rewrite defaultClient {
     removeAttribute                       64
     removeAttribute                       65
     removeAttribute                       81


Client definition

client {
        type     udp
        secret   testing123

client ::1 {
        type     udp
        secret   testing123

There is no other RADIUS server running on localhost, which makes these client definitions almost superfluous. They may be of some use however to initiate debugging requests and tests from the server itself, so it is considered good practice to list localhost as a client. If your system is not IPv6-enabled, simply delete the second stanza.

client __SP_IP_ADDR__ {
        type     udp
        secret   __SP_SECRET__
        FTicksVISCOUNTRY AQ 		# will generate F-Ticks for "visited country = Antarctica"

Stanzas like this one are used for each connected service provider that is connected via RADIUS. You need to know the IP address of every SP's RADIUS server and negotiate a shared secret with the SP

Please note that the client and server stanza for the GEANT Monitoring (SA3-T2 activity) have the same host address, but different stanza names. This is important: it disables the LoopDetection for this host, and the SA3 monitoring deliberate uses loops to do its tests. The following stanza is the eduroam Service Activity's monitoring client. Negotiate the IP address and shared secret for European monitoring with the operators in SA3-T2 (eduroam Operational Team) and enter it here.

client SA3-monitoring-incoming {
         host            x.y.z.a
         type            UDP
         secret          __MONITORING_SECRET__


client incoming {
        host                              [::]/0
        type                              TLS
        tls                               defaultClient
        secret                            radsec

After all specific clients in the configuration, you can the above stanza as a "catch-all" for incoming RADIUS/TLS connections.It does not need to be modified (if you do not support IPv6, you can delete the second "host" line though). In particular, the string "radsec" for secret is fixed by the RADIUS/TLS protocol and is required to remain unchanged. It also has no effect; RADIUS/TLS depends on TLS security rather than the shared RADIUS secret.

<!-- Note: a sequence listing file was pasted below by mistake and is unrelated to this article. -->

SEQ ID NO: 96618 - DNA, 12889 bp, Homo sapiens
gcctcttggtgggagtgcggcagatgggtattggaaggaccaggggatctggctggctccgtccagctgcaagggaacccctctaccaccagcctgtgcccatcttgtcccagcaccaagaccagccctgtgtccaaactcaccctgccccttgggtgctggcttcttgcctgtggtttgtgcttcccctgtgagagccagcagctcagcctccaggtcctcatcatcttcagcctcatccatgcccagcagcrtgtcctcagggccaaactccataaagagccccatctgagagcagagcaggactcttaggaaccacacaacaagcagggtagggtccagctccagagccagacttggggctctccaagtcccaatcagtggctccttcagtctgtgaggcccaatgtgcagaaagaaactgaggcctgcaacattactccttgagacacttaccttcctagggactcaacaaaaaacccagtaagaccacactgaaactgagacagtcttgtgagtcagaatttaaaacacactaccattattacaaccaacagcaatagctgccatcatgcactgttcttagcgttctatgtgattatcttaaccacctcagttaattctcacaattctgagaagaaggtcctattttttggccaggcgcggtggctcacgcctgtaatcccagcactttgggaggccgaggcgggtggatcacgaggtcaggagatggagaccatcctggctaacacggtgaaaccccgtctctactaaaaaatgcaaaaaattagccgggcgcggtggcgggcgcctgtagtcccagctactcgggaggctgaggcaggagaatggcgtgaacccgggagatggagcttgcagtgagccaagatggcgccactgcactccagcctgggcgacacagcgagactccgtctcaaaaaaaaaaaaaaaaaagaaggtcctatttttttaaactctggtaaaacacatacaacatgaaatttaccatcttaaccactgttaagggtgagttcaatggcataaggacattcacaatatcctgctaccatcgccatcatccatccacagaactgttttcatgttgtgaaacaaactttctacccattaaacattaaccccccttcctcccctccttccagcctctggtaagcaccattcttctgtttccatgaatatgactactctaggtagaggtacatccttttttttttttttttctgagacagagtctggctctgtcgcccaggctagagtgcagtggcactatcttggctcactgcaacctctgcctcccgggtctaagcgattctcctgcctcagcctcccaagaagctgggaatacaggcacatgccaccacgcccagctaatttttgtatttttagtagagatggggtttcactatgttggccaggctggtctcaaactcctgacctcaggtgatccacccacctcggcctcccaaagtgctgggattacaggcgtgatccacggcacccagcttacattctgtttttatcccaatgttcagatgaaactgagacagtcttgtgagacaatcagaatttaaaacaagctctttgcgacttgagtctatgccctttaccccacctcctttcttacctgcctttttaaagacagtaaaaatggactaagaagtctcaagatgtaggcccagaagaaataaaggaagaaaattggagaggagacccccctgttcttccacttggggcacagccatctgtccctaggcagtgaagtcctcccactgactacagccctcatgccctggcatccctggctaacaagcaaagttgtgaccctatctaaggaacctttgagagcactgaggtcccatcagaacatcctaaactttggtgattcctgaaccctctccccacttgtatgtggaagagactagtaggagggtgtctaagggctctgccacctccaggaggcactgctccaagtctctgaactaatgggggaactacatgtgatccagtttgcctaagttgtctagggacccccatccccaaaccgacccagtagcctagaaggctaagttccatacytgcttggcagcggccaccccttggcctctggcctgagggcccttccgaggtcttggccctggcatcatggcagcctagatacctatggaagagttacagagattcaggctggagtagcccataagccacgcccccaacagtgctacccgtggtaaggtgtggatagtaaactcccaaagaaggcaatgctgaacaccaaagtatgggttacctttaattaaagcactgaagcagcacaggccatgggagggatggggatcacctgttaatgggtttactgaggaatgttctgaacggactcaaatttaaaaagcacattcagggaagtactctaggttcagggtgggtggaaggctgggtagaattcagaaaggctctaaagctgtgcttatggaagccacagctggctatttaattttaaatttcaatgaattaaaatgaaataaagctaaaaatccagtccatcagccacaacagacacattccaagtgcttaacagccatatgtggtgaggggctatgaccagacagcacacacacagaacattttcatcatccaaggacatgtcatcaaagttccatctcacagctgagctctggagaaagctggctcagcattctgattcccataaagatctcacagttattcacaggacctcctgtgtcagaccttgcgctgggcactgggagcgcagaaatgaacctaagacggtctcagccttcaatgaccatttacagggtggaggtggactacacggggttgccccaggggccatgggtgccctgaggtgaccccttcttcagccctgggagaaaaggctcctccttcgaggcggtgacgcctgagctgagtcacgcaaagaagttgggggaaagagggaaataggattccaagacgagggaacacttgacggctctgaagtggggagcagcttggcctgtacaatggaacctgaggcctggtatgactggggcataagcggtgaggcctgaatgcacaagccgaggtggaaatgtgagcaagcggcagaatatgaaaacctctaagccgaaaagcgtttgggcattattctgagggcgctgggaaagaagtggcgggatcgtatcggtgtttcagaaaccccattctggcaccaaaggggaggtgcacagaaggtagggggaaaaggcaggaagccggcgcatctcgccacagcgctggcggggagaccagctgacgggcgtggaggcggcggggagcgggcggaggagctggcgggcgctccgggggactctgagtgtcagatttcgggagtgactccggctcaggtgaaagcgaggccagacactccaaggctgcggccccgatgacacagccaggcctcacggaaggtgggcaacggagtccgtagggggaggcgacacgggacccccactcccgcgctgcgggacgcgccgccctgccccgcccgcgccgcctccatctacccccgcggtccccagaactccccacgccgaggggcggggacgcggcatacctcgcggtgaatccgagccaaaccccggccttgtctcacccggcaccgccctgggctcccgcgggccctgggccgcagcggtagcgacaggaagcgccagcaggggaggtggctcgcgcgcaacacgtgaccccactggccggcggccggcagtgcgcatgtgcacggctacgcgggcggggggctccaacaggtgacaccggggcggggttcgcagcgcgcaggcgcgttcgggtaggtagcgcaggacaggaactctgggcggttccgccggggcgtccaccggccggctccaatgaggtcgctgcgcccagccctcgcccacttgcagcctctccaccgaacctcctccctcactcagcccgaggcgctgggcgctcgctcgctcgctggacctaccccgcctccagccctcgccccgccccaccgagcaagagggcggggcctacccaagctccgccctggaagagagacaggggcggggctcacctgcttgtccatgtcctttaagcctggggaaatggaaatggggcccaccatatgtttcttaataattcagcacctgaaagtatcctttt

The eduroam trust model requires that a SP that tries to connect has:

  • A X.509 certificate from an eduroam-accredited CA
  • which carries a Policy OID as configured above to prove authorisation as a eduroam Service Provider

These checks were defined via "tls defaultClient", above.

Request forwarding

To deliver requests to your connected IdPs, their servers need to be configured. This stanza is for IdP servers using RADIUS.

          host     __IP_ADDR__
          type     UDP
          secret   __SERVER_SECRET__

This is the equivalent stanza for IdP servers using RADIUS/TLS.

          type         TLS
          tls          defaultServer
          secret       radsec
          statusserver on

The two following stanzas define the uplink to the European eduroam Confederation root servers. This entry can be kept as it stands and doesn't need any further configuration.

server {
          type                  TLS
          tls                   defaultServer
          secret                radsec
          statusserver          on

server {
          type                  TLS
          tls                   defaultServer
          secret                radsec
          statusserver          on

European monitoring works both ways. The client entry near the beginning of the configuration file was needed for incoming requests from the monitoring servers. The entry below specifies the outgoing connections to the monitoring server. Outgoing connections are currently monitored with RADIUS only. Use the negotiated IP address and shared secret with SA3-T2 Monitoring in the following stanza: